WCC Student Filmmakers Win Emmys
Jeremy Liesen’s category was one of the last as the 34th Michigan Emmy Award ceremony drew to a close June 16. Suddenly his name was announced. The next thing he heard was his mother shouting, “Jeremy you won, you won!”
Liesen is one of two WCC digital video students to receive an Emmy Award this year. He won for his six-and-a-half-minute film, “Listen,” which reflects on the events of an ordinary day in a college town. Fellow student Shawn Jackson was singled out for “Fracking,” a one-minute public service announcement on the controversial method for extracting natural gas from rock.
Both students competed against other college and university students from around Michigan. Liesen won for editing, and Jackson won in the non-news program category. The awards are sponsored by the Michigan chapter of the National Academy of Television Arts & Sciences.
Each of the WCC winners found inspiration in unique ways. Liesen used unique sound to wrap around his visuals. Jackson framed his focus around a personal experience.
A Day in the Life of Ann Arbor
A silent sunrise on the outskirts of Ann Arbor illuminates a dark screen during the first few seconds of Liesen’s film. The first sound heard is the deep gong of wind chimes resonating in a light breeze.
“I envisioned a film about 24 hours in Ann Arbor, from sun up to sun down. I wanted to show everyday life in sound and visuals,” said Liesen, who started filming outside of town and moved through the neighborhoods into the downtown area. “I got up around 4:00 or 5:00am to catch the sunrise. Then I ran around town with the camera for the rest of the day.”
The naturally occurring sounds he recorded were edited to produce a rhythmic flow of images. He shot footage in and around Ann Arbor in October 2010. The film debuted at the 2012 Ann Arbor Film Festival in March.
Liesen came to WCC from Linden, Mich. He earned a certificate in sound engineering and music production from the College, which laid the foundation for work as a sound technician a couple of nights a week at the Blind Pig.
“I’m kind of obsessive about sound. It’s how I think and how I hear it. I guess I have a unique perspective,” said Liesen, who plays several instruments. He also is the guy his classmates go to when they need an original piece of music for their film projects.
So what’s next for the Emmy winner? Later this month, he will participate in the Detroit 48-Hour Film Project with a team of his friends. Liesen and his team will write, shoot, edit, and score a film over one weekend. He’s looking forward to the challenge.
A Process With Implications for the Region
Few are aware that Michigan sits on a large reserve of natural gas. Shawn Jackson found out about Michigan’s gas deposits when his parents in Manchester were approached by a drilling company to sell the mineral rights to their land.
He remembered the Oscar-nominated documentary, “Gasland,” that seemed to parallel the situation in which his parents found themselves. That led to more research and more alarm about the procedure.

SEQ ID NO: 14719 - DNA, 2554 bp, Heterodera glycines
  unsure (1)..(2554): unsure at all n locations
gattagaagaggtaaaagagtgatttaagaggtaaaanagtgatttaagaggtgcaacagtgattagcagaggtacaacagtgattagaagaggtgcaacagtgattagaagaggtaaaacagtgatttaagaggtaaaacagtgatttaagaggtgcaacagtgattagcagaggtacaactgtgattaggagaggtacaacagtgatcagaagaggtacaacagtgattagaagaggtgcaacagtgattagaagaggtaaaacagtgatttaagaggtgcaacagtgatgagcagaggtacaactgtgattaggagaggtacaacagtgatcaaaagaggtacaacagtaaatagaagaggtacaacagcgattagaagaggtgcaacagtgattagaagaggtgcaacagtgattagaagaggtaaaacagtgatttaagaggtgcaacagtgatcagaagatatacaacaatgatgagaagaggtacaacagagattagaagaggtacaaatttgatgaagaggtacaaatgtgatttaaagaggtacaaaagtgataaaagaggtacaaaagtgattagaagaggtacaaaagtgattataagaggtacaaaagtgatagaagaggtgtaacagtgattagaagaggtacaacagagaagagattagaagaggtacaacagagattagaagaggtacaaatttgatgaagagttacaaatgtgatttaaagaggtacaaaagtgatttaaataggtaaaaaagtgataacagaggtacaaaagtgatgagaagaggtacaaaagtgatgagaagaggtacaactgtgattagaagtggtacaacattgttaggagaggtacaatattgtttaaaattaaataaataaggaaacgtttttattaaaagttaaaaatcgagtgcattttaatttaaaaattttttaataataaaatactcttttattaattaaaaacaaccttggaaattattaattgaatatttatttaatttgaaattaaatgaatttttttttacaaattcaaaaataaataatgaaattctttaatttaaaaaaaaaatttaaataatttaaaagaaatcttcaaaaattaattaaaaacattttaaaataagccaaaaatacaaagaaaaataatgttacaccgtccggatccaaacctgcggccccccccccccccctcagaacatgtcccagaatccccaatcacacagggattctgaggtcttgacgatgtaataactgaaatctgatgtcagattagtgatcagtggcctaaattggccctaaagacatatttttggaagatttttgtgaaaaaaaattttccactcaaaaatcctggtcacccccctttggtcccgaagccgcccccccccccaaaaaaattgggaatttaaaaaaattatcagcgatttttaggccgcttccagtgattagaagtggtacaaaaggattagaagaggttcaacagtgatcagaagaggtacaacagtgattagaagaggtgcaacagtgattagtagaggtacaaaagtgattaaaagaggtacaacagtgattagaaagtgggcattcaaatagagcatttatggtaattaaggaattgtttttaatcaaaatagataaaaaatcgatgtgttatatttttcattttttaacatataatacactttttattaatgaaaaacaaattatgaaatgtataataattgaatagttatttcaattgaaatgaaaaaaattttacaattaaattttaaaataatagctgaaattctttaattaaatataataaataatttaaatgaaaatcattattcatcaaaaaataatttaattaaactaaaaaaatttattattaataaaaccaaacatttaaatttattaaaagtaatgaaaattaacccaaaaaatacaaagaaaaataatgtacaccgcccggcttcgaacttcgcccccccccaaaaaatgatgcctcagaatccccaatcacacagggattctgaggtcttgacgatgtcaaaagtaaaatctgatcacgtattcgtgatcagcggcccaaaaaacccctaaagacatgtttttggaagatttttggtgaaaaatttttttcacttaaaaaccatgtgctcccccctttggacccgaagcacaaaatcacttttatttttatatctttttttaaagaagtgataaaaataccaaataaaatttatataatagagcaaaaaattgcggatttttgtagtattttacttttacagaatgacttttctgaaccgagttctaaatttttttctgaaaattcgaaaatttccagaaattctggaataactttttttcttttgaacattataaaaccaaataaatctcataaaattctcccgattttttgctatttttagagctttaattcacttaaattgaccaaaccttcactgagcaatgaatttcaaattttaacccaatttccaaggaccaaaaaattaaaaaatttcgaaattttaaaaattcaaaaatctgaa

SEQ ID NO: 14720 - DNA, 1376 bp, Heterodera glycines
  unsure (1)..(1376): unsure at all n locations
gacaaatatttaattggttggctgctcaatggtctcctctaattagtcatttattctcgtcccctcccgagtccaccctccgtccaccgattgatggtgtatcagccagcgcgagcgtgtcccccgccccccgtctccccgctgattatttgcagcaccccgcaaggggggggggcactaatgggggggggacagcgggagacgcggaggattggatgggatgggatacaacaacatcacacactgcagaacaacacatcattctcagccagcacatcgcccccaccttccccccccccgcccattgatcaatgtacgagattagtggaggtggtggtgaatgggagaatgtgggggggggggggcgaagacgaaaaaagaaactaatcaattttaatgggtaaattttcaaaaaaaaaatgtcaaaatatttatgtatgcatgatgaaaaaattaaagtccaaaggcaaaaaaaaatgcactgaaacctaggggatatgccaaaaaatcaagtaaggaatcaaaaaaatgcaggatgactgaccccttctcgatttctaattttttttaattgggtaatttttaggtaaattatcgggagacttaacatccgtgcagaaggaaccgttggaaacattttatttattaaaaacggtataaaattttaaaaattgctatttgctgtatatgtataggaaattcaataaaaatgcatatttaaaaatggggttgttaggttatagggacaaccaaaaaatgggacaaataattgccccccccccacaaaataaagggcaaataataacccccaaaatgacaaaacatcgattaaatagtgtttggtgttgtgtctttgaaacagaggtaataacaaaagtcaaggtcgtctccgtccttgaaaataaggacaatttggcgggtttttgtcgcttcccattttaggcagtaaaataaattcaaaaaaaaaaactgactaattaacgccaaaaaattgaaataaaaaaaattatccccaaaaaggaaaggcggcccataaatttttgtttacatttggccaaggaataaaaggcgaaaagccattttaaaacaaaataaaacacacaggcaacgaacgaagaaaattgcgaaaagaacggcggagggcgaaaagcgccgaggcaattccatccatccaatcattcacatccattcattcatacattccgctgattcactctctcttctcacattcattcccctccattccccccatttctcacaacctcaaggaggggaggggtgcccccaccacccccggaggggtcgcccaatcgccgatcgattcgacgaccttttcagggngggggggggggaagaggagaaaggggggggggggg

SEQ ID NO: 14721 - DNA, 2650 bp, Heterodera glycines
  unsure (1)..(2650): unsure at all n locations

“When we started to look into it, we realized that there were a lot of dangerous things associated with it besides the increase in traffic and the presence of huge industrial equipment,” said Jackson. “They weren’t telling us what hydraulic fracturing or fracking could do to our water supply. Or about the mysterious illnesses and tap water explosions that were occurring in some places where fracking was already taking place.”
In his research, he found the Animate series by the Royal Society for the Encouragement of Arts, Manufactures and Commerce very skillful at driving home a point. On the suggestion of girlfriend Katie Russ, Jackson approached former WCC art instructor Bill Burgard to reproduce his ideas on a whiteboard.
“It was really an easy shoot,” said Jackson, who has transferred to the University of Michigan. “I did the research and gave Bill pictures of what I wanted him to draw for me. Then I set up my camera and let him go. I shot an hour and a half of film that runs for 60 seconds when speeded up. It was the easiest film shoot I was ever on.”
Jackson did not attend the award ceremony. He learned he had won when he listened to a voice message from instructor Matt Zacharias at 3:00am the next morning. “It was too early to call anyone, so I just sat on it until I could call my girlfriend and my parents,” he said.
Fourth Time’s a Charm
WCC has had students in the running for an Emmy Award since 2009, Zacharias said. "We are really proud of the whole group of nominees,” he said. “This year we had five. That's the most ever.
“The competition was intense because we were up against four-year institutions like Madonna and MSU,” Zacharias said. “To walk away with two wins in two separate categories is an exceptional accomplishment. An Emmy nomination is a wonderful credential for our students to distinguish themselves with future employers.”
Other WCC Emmy nominees include:
• Erin Curd (Cosens), "Mousie" – Non-News Program
• George Pariseau, "Unframed" – Non-News Program
• Garrett Sammons, "Red Snapper" – Cinematography